By Michelle Tay
As the economy slows, senior executives and managers in companies may be feeling the urge to go back to school.
Enter the Executive Master of Business Administration, or EMBA. The programme is seeing a surge in popularity as managers try to upgrade themselves on the company payroll. Most EMBA applicants are partly, if not fully, sponsored by their companies.
There are two opposing forces at work, say business schools here.
While a slowdown in the economy translates to a smaller training budget, it also means there is more time to get the training done.
Although companies are cutting costs, 'counteracting that is upper and middle management who want to do the EMBA programme while they still have job security', said Dr Nilanjan Sen, associate dean of Nanyang Executive Education at Nanyang Technological University's Nanyang Business School.
He added: 'They couldn't come earlier because of lack of time. Now that things are slower, they have more opportunity.'
Dr Sen said applications for Nanyang's EMBA programmes have surged by around 25 per cent this year.
In particular, the EMBA with a focus on entrepreneurship that is part-sponsored by enterprise agency Spring Singapore 'is picking up steam'.
He said: 'This year saw the highest intake of 18 students for that track.'
Mr Edward Buckingham, director of EMBA programmes at French business school Insead, which has a campus in Singapore, agreed: 'There are counter-cyclical elements that manifest themselves in different ways.
'More people are self-sponsored, and using this quiet period to reposition their skills over the next 18 months.'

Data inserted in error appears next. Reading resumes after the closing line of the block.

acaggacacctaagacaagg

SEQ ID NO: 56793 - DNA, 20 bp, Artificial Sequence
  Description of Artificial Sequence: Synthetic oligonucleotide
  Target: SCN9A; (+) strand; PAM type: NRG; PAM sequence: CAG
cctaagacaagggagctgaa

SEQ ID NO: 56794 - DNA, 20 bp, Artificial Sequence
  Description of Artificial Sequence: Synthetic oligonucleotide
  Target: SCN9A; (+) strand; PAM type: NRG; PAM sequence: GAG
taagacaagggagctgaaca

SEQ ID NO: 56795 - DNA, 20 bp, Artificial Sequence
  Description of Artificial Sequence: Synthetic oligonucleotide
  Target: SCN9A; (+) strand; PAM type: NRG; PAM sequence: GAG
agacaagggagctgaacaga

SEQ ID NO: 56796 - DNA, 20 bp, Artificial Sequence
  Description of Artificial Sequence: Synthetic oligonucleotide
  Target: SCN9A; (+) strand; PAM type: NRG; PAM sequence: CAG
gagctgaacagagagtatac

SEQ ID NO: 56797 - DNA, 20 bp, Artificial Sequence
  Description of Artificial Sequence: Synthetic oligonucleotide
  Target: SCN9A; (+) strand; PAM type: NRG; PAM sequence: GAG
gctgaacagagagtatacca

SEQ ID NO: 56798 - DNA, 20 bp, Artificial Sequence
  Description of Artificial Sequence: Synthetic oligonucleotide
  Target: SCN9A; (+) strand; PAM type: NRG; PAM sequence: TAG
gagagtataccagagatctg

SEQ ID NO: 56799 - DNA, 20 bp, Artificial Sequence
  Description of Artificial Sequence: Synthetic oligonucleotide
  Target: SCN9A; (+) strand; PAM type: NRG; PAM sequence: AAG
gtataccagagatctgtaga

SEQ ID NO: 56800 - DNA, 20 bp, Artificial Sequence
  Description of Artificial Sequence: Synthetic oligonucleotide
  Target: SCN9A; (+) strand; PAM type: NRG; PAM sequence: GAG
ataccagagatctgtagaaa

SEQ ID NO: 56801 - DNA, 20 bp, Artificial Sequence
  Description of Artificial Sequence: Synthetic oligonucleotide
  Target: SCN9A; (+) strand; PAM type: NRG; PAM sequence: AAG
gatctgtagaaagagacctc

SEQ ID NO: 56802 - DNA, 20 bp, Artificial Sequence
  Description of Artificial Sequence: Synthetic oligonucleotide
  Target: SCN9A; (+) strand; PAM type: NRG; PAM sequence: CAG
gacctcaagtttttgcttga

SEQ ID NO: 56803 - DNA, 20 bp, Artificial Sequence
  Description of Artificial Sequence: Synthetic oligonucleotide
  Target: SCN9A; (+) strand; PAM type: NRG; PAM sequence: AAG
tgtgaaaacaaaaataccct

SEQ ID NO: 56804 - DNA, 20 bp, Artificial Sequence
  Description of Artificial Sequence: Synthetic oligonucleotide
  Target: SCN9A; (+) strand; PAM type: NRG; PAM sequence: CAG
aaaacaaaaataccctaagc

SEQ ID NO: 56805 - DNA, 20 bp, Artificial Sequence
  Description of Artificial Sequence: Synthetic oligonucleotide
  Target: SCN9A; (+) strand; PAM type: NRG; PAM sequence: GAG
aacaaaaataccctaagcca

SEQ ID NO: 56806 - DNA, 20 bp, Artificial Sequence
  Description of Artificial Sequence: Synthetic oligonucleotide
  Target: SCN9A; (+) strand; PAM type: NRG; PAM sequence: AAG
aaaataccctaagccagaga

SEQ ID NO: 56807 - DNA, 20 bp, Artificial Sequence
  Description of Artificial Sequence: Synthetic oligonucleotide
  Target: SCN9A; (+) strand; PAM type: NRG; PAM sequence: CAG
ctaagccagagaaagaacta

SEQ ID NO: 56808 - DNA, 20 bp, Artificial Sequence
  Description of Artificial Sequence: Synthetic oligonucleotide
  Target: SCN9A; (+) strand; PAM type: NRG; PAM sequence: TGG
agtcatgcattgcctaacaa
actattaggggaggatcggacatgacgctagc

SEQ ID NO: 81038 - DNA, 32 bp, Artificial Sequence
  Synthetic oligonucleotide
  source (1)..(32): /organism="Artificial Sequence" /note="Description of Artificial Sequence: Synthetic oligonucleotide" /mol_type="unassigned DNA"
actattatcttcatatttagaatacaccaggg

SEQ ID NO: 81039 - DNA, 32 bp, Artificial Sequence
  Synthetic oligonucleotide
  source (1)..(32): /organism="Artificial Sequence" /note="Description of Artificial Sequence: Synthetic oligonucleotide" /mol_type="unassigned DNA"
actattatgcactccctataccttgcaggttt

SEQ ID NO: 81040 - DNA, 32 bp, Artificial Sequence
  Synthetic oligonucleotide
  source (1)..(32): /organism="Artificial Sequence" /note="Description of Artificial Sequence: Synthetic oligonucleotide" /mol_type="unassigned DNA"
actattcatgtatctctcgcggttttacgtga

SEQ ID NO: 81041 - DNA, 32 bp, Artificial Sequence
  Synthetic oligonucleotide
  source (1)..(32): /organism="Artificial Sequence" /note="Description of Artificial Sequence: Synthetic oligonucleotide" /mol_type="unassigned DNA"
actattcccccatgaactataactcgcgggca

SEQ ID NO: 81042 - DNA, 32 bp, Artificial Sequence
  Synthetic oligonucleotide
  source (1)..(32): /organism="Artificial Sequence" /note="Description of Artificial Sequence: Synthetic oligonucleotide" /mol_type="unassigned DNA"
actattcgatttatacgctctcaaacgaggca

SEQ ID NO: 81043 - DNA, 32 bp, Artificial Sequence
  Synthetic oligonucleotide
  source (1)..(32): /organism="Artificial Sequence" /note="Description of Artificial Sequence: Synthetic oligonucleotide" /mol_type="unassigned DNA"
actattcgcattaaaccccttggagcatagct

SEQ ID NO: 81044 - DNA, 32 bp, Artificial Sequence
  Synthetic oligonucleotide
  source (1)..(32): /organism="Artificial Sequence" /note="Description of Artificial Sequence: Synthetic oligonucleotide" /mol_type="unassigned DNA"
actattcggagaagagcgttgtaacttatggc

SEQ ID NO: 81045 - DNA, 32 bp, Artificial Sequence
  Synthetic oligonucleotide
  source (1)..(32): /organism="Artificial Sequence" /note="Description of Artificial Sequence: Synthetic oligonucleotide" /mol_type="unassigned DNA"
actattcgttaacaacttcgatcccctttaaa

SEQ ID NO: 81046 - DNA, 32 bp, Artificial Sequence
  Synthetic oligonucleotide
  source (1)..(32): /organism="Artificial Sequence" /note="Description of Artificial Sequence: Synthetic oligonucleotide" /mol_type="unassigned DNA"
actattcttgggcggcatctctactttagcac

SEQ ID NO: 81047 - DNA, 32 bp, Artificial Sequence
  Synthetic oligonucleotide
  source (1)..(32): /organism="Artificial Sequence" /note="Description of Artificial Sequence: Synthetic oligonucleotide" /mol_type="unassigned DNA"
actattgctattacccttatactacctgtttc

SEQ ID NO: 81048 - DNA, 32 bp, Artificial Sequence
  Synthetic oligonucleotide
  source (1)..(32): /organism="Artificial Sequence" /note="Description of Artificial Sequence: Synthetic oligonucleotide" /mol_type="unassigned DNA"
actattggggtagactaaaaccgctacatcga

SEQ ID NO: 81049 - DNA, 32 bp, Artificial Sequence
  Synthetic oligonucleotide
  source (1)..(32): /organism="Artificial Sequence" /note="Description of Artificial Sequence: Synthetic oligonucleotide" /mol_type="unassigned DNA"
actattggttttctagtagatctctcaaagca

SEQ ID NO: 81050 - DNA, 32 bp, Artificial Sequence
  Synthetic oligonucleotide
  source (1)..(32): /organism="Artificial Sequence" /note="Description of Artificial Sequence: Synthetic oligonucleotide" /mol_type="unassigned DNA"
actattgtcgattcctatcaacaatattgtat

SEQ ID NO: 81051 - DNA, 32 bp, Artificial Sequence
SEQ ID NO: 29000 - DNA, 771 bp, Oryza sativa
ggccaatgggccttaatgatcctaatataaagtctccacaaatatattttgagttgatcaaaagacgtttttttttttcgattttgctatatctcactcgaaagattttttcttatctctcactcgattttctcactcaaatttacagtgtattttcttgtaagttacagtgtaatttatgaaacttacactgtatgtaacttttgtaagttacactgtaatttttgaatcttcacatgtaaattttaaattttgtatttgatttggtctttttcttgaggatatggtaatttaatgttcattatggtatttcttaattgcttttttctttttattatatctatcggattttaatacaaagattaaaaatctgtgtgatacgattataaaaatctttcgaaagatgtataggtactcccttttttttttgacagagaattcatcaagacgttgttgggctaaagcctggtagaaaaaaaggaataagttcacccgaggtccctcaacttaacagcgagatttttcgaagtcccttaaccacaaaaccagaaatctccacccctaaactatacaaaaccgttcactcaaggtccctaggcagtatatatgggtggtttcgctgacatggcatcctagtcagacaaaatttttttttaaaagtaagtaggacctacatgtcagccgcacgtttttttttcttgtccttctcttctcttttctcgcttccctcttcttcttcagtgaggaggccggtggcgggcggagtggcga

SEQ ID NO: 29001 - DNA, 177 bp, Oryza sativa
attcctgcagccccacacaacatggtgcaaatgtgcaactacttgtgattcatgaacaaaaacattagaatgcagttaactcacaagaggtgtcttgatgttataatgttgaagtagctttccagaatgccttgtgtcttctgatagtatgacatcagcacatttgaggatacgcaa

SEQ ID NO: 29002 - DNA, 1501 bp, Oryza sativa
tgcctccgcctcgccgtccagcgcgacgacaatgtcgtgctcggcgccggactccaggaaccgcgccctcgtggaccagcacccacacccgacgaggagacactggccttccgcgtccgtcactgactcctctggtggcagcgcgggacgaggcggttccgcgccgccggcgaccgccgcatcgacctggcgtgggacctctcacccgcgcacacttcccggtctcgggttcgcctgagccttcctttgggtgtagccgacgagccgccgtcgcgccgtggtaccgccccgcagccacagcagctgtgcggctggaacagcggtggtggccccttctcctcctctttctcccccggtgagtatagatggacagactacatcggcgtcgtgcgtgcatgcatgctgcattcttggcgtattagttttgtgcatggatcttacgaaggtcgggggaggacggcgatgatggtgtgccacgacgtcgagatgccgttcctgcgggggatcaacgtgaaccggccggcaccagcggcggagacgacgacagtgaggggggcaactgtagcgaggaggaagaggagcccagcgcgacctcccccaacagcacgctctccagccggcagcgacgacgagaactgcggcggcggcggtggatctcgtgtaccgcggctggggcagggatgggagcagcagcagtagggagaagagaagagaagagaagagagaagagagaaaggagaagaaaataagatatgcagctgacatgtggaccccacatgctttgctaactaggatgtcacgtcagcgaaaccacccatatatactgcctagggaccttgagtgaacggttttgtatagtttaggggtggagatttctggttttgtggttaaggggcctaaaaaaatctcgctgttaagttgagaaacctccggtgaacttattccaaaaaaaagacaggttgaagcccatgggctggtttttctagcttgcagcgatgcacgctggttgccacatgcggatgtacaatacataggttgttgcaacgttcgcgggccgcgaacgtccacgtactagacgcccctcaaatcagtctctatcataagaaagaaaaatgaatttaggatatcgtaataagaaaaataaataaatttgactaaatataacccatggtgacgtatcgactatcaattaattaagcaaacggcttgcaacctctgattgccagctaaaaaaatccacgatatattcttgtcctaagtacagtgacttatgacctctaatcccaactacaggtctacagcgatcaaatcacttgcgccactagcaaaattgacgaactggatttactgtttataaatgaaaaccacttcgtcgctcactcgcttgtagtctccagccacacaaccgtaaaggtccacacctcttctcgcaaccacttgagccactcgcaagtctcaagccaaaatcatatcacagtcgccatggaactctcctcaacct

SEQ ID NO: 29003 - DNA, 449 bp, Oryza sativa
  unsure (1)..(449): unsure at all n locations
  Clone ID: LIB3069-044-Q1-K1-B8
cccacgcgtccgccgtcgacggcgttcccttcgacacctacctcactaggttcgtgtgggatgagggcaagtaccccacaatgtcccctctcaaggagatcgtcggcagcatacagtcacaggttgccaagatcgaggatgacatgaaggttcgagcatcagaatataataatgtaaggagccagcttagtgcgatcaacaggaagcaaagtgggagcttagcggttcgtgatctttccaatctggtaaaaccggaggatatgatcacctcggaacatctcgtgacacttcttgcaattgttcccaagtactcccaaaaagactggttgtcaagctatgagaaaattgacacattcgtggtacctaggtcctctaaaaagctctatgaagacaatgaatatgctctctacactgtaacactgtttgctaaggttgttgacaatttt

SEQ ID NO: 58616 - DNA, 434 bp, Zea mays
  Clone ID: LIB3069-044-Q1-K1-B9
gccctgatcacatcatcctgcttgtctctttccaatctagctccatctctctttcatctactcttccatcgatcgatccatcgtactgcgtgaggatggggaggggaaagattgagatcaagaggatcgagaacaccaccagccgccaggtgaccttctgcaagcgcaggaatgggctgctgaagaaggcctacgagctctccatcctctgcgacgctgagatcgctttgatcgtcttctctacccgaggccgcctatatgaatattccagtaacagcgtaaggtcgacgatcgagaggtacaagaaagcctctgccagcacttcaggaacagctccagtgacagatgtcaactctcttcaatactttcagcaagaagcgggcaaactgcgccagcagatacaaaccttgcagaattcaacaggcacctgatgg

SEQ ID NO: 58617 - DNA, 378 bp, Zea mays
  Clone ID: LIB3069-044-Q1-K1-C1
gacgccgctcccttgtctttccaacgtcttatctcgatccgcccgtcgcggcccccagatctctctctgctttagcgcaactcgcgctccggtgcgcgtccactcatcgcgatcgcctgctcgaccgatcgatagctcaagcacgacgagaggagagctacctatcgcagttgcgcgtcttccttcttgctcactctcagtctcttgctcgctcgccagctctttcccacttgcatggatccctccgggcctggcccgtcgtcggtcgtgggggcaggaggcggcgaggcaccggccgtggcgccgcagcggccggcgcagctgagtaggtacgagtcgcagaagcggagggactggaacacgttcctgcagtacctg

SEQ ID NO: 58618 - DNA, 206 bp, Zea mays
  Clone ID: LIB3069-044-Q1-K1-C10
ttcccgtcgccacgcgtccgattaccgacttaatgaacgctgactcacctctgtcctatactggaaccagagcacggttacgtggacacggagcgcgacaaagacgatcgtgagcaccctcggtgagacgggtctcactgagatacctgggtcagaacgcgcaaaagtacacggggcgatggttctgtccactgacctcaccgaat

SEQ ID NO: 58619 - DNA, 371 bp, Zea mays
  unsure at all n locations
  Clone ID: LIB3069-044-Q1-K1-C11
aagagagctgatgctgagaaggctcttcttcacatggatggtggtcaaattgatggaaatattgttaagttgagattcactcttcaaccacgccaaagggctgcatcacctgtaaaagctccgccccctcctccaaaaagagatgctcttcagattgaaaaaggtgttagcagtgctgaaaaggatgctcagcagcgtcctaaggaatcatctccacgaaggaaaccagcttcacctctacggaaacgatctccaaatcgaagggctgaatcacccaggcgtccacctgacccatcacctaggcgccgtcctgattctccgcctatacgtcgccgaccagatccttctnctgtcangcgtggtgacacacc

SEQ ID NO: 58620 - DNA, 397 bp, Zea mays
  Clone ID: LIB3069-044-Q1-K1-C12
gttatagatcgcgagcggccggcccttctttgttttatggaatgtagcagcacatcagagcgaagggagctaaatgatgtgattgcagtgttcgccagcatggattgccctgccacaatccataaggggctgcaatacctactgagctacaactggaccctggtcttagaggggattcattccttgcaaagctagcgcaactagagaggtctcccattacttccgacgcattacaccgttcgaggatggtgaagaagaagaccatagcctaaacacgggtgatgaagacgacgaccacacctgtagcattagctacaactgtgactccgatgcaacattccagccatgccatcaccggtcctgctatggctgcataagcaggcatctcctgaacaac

Mr Buckingham said that enrolment for the Tsinghua-Insead EMBA programme - which combines international business education with a focus on Asia - is up 50 per cent from last year. The programme's first batch of students graduated in January this year.
'These are relatively new programmes in East Asia so there is a natural uptick, which is quite common for new products in any market.'
A spokesman for the National University of Singapore (NUS) Business School's EMBA programme said: 'In general, applications have risen. However, the past year since the financial crisis struck has also been a challenge, since EMBAs are considered 'luxury goods' and companies have cut back on training.'
An EMBA programme can take about 15 to 21 months, depending on the school you go to, and can take you around the world. For example, the University of Chicago Booth School of Business' programme is taught in Chicago, London and Singapore, while Insead's programme is taught in Singapore, Fontainebleau and Abu Dhabi.
The programme is also a 'modular one', meaning that students would not need to spend all their time on campus and would therefore not need to quit their jobs to study.
Every six to eight weeks, they take about one week off work to attend class. Then they head back to the office to immediately try out some of the concepts they have learnt.
'We call it sandwich learning, where your work is your laboratory,' said Mr Buckingham.
Classes are also intimately sized, and are typically made up of middle to upper management employees of both large and small companies, and entrepreneurs.
Said Mr Bill Kooser, associate dean at the University of Chicago Booth School of Business: 'Our executive students are significantly older, with more experience than our full-time students.
'They are now reaching a point in their careers where they are required to take on broad, general management responsibilities (and) need exposure to all facets of business, from strategy to marketing to operations and finance.'
NUS said its EMBA students need to have worked for at least 10 years.
Added Dr Sen: 'They've already proved themselves in their respective functional roles, and now they want to move into general management or leadership roles. Everything is more focused.'
And don't forget the invaluable network one could gain during the course.
'Our executive programme...makes for a very cohesive group and outstanding networking opportunities. Students forge very strong bonds that last throughout their careers,' said Mr Kooser.
This article was first published in The Straits Times.